MRO Magazine

Research and Markets: Smart Windows Materials Markets 2015 – 2022


September 22, 2015
By Business Wire News

DUBLIN

Research and Markets (http://www.researchandmarkets.com/research/px6f8p/smart_windows) has announced the addition of the “Smart Windows Materials Markets 2015 – 2022” report to their offering.

By 2020, it is believed that revenues from EC glass and film will reach $620 million.

Other existing smart windows materials are expected to find niche markets in which they are quite successful. SPD has had success in the automotive sector and is making inroads into the aircraft industry. PDLC is a popular choice for dynamic privacy glass. Revenues from SPD and PDLC in 2020 are expected to reach almost $80 million.

From the perspective of materials suppliers, it is believed that the smart windows market continues to offer important opportunities. We are seeing older technologies – such as photochromics – become more competitive with the dominant SPD and electrochromic materials and there are also entirely new materials such as hydrogels and versioned display materials that are beginning to play in the smart windows space. We are also impressed with the recent willingness of deep pocket investors and other well-known firms to get involved in the smart windows space.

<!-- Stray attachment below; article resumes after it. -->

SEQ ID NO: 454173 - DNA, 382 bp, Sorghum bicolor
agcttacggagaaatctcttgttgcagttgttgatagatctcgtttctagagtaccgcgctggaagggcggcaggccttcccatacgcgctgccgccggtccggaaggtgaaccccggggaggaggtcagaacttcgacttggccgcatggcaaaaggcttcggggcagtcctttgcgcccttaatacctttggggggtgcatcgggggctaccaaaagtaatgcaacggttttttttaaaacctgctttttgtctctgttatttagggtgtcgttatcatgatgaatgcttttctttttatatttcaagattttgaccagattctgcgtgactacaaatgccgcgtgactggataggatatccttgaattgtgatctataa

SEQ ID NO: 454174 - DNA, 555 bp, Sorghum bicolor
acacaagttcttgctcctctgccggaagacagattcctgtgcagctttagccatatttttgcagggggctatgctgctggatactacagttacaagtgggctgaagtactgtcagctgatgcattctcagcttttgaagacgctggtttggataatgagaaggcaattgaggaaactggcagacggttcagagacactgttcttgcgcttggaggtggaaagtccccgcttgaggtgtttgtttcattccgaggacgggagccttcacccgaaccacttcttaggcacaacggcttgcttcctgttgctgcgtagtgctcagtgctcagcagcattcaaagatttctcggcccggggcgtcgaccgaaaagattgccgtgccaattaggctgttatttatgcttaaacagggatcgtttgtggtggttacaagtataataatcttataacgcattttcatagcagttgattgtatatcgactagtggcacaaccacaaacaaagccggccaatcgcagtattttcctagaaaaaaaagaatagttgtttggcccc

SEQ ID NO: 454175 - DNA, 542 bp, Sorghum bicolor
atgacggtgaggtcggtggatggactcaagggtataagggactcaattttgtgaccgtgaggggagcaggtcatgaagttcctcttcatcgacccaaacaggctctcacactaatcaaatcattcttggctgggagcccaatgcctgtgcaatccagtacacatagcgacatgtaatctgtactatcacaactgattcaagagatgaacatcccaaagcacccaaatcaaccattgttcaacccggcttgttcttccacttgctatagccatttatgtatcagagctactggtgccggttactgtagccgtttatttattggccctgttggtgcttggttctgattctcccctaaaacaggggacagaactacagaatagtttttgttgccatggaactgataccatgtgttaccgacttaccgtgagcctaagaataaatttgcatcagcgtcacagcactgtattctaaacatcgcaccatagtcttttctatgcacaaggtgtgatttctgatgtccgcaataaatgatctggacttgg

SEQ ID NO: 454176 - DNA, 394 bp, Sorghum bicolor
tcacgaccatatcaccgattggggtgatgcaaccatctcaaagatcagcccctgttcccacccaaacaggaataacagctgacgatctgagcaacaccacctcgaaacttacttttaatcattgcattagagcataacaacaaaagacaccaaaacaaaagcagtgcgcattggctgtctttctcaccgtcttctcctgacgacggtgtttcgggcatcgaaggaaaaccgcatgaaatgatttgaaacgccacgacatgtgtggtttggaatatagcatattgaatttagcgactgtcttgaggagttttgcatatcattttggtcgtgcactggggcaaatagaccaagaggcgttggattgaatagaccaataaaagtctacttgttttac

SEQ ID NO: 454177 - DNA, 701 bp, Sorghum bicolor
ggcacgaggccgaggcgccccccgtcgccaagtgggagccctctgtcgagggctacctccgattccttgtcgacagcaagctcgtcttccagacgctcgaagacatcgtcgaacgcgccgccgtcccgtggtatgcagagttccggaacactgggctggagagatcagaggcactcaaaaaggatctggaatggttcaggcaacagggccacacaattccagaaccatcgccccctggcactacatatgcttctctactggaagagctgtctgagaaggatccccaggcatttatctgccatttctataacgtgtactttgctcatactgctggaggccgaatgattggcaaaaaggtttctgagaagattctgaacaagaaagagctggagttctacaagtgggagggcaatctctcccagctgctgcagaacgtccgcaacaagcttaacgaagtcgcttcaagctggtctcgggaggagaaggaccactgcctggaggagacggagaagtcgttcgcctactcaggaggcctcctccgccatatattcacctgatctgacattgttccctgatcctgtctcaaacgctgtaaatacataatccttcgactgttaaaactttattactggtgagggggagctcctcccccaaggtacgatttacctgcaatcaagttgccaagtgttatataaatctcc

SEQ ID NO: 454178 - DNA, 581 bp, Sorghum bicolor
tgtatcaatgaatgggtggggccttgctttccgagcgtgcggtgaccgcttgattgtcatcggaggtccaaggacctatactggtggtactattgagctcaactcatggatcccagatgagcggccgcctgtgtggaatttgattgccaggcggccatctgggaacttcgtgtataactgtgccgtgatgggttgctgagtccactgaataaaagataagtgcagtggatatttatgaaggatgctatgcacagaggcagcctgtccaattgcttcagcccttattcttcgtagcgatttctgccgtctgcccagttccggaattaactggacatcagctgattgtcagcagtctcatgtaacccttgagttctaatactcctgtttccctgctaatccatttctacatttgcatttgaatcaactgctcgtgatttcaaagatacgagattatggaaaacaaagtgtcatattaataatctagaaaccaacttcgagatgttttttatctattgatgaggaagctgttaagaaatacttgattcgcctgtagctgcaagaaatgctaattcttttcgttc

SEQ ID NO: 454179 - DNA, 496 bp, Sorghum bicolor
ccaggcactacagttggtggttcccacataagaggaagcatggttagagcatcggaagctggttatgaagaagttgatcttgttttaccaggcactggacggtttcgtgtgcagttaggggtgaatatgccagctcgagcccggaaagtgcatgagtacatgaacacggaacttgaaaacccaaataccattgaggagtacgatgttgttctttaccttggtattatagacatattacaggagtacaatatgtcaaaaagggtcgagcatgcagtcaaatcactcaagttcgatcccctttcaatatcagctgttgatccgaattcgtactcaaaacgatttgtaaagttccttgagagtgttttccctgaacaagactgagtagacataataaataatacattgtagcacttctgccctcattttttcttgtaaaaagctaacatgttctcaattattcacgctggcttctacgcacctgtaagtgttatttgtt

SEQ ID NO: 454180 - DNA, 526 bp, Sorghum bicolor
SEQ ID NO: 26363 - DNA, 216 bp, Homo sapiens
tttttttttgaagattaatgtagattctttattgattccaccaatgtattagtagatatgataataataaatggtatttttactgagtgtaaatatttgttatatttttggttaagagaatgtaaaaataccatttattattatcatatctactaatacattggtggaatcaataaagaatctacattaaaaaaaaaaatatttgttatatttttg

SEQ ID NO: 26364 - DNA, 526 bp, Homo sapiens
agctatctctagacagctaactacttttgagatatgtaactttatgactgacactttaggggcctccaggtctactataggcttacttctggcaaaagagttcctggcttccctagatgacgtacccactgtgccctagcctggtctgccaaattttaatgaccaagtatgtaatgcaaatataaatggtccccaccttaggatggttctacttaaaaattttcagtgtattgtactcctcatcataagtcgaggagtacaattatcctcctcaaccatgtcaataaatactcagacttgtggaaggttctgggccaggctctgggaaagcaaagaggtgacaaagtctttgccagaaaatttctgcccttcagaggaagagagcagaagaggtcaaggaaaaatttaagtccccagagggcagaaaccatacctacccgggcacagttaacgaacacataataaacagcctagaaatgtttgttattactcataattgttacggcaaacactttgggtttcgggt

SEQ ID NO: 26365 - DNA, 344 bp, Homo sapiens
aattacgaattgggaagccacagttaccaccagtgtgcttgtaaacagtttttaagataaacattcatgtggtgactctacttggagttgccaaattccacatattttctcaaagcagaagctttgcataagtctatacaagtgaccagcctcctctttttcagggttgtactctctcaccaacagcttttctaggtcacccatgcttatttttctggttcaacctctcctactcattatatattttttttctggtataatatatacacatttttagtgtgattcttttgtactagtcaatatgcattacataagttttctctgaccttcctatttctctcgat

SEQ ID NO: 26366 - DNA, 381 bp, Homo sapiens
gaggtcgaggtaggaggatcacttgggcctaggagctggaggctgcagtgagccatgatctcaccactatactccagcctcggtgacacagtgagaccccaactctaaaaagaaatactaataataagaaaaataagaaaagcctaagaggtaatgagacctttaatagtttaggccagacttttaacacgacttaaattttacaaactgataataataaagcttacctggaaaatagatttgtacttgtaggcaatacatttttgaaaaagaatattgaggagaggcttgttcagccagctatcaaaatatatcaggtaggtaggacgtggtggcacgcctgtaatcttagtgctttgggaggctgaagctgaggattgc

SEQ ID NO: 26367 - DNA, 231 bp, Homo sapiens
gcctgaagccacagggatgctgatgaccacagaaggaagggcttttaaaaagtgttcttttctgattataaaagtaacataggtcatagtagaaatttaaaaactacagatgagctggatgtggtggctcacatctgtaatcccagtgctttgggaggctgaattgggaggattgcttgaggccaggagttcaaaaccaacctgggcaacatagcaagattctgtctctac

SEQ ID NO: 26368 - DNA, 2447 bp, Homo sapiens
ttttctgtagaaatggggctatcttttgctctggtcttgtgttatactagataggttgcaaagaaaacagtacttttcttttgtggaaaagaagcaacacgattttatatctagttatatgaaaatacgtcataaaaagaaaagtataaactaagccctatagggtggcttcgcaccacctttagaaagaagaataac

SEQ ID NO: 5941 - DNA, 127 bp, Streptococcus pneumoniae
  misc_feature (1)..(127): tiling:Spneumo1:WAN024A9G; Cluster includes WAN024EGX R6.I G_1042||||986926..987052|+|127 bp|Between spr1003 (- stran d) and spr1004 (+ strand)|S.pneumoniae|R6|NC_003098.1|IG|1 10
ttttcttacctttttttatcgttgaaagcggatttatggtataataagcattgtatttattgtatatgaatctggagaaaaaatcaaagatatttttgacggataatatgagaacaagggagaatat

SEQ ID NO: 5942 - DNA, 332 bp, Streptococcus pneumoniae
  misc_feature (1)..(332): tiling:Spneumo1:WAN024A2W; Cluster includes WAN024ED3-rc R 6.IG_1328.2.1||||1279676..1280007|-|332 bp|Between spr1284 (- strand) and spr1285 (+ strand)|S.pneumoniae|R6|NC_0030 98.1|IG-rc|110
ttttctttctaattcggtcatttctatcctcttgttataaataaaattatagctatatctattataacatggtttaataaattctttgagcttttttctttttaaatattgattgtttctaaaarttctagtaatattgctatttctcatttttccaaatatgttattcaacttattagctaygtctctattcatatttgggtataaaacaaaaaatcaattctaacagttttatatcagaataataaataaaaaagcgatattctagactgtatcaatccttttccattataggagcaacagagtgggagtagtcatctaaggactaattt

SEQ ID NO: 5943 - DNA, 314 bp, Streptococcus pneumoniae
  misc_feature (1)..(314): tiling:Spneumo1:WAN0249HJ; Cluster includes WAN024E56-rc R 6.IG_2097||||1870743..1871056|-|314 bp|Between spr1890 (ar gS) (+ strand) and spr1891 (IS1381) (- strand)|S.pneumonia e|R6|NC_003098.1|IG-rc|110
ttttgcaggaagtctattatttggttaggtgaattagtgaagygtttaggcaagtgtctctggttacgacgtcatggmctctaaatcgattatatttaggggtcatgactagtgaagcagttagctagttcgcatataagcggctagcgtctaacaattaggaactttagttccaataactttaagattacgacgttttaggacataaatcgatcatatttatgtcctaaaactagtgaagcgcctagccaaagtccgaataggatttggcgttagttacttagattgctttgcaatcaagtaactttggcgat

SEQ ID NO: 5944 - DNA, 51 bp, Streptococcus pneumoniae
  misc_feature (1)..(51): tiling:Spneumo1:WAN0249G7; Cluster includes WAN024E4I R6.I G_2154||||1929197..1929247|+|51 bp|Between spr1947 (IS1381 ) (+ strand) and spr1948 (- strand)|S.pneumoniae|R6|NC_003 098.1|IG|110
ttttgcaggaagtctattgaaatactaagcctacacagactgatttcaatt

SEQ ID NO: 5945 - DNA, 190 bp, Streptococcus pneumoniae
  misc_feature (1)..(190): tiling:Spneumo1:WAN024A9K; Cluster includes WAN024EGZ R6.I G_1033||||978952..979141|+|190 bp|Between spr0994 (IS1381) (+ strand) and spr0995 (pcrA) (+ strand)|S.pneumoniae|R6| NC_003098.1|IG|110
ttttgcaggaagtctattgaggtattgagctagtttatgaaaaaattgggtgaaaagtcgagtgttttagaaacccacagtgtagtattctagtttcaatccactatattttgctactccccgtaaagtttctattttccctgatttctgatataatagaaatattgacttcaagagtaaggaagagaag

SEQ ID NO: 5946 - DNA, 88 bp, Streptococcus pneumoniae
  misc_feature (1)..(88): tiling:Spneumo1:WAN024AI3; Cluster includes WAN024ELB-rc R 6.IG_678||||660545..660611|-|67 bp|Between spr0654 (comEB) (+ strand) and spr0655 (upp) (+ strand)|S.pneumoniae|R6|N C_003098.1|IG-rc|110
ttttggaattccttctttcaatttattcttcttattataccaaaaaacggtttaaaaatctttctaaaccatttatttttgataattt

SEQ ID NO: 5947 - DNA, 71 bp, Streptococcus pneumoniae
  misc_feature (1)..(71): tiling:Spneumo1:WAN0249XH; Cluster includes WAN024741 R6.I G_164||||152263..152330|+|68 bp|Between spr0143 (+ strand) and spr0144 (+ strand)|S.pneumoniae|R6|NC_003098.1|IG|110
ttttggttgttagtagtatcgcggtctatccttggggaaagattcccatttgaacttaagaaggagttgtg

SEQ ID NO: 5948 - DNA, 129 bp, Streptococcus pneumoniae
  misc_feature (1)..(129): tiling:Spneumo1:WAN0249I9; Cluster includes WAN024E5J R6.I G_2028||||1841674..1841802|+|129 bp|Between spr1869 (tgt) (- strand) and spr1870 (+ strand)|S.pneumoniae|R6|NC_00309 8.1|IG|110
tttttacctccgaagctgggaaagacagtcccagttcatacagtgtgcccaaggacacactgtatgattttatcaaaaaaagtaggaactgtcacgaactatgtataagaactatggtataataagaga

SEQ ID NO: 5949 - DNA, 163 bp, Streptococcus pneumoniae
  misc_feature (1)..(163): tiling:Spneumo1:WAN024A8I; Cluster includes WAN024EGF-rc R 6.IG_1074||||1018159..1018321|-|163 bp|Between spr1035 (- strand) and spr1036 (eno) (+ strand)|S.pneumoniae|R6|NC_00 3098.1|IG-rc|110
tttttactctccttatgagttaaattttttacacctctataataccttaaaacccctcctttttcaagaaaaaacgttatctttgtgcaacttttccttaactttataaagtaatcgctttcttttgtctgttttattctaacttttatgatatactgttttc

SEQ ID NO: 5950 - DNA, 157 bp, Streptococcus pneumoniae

With these developments in mind, this report identifies and quantifies the opportunities in the smart windows materials space. It contains a granular eight-year forecast in both volume and value terms as well as an assessment of the strategies being deployed in this market by notable firms. The technologies/materials covered in this report include electrochromic, photochromic, hydrogel, thermochromic. PDLC, SPD, hydrogels, pixel-based technologies and microblinds.

The forecasts and analysis cover not only the active smart materials used in these technologies, but also the substrate materials; both plastic and glass. We also examine changing manufacturing patterns within the smart windows sector. In addition, this report analyzes a number of different business models being used in the smart windows sector and shows how materials play into the total smart windows value chain.

This report quantifies the markets for smart windows materials used in buildings, as well as in transportation. It provides eight-year forecasts for smart windows materials, with breakouts for the various types of materials used in each application. It also discusses the business models currently being employed by the firms in smart windows materials business.

Key Topics Covered:

Executive Summary

E.1 Changes in Markets and Technologies Since Our Previous Report: The Comfort Factor

E.2 Materials Opportunities in the Electrochromic Windows Space: Mid-Term Future for Smart Windows

E.3 Materials Opportunities in SPD Windows: The Once and Future?

E.4 Materials Opportunities in Photochromic Windows: Not Much Going On

E.5 Materials Opportunities in Thermochromic Windows: Many Kinds of Materials

E.6 Materials Opportunities in PDLC: Privacy Windows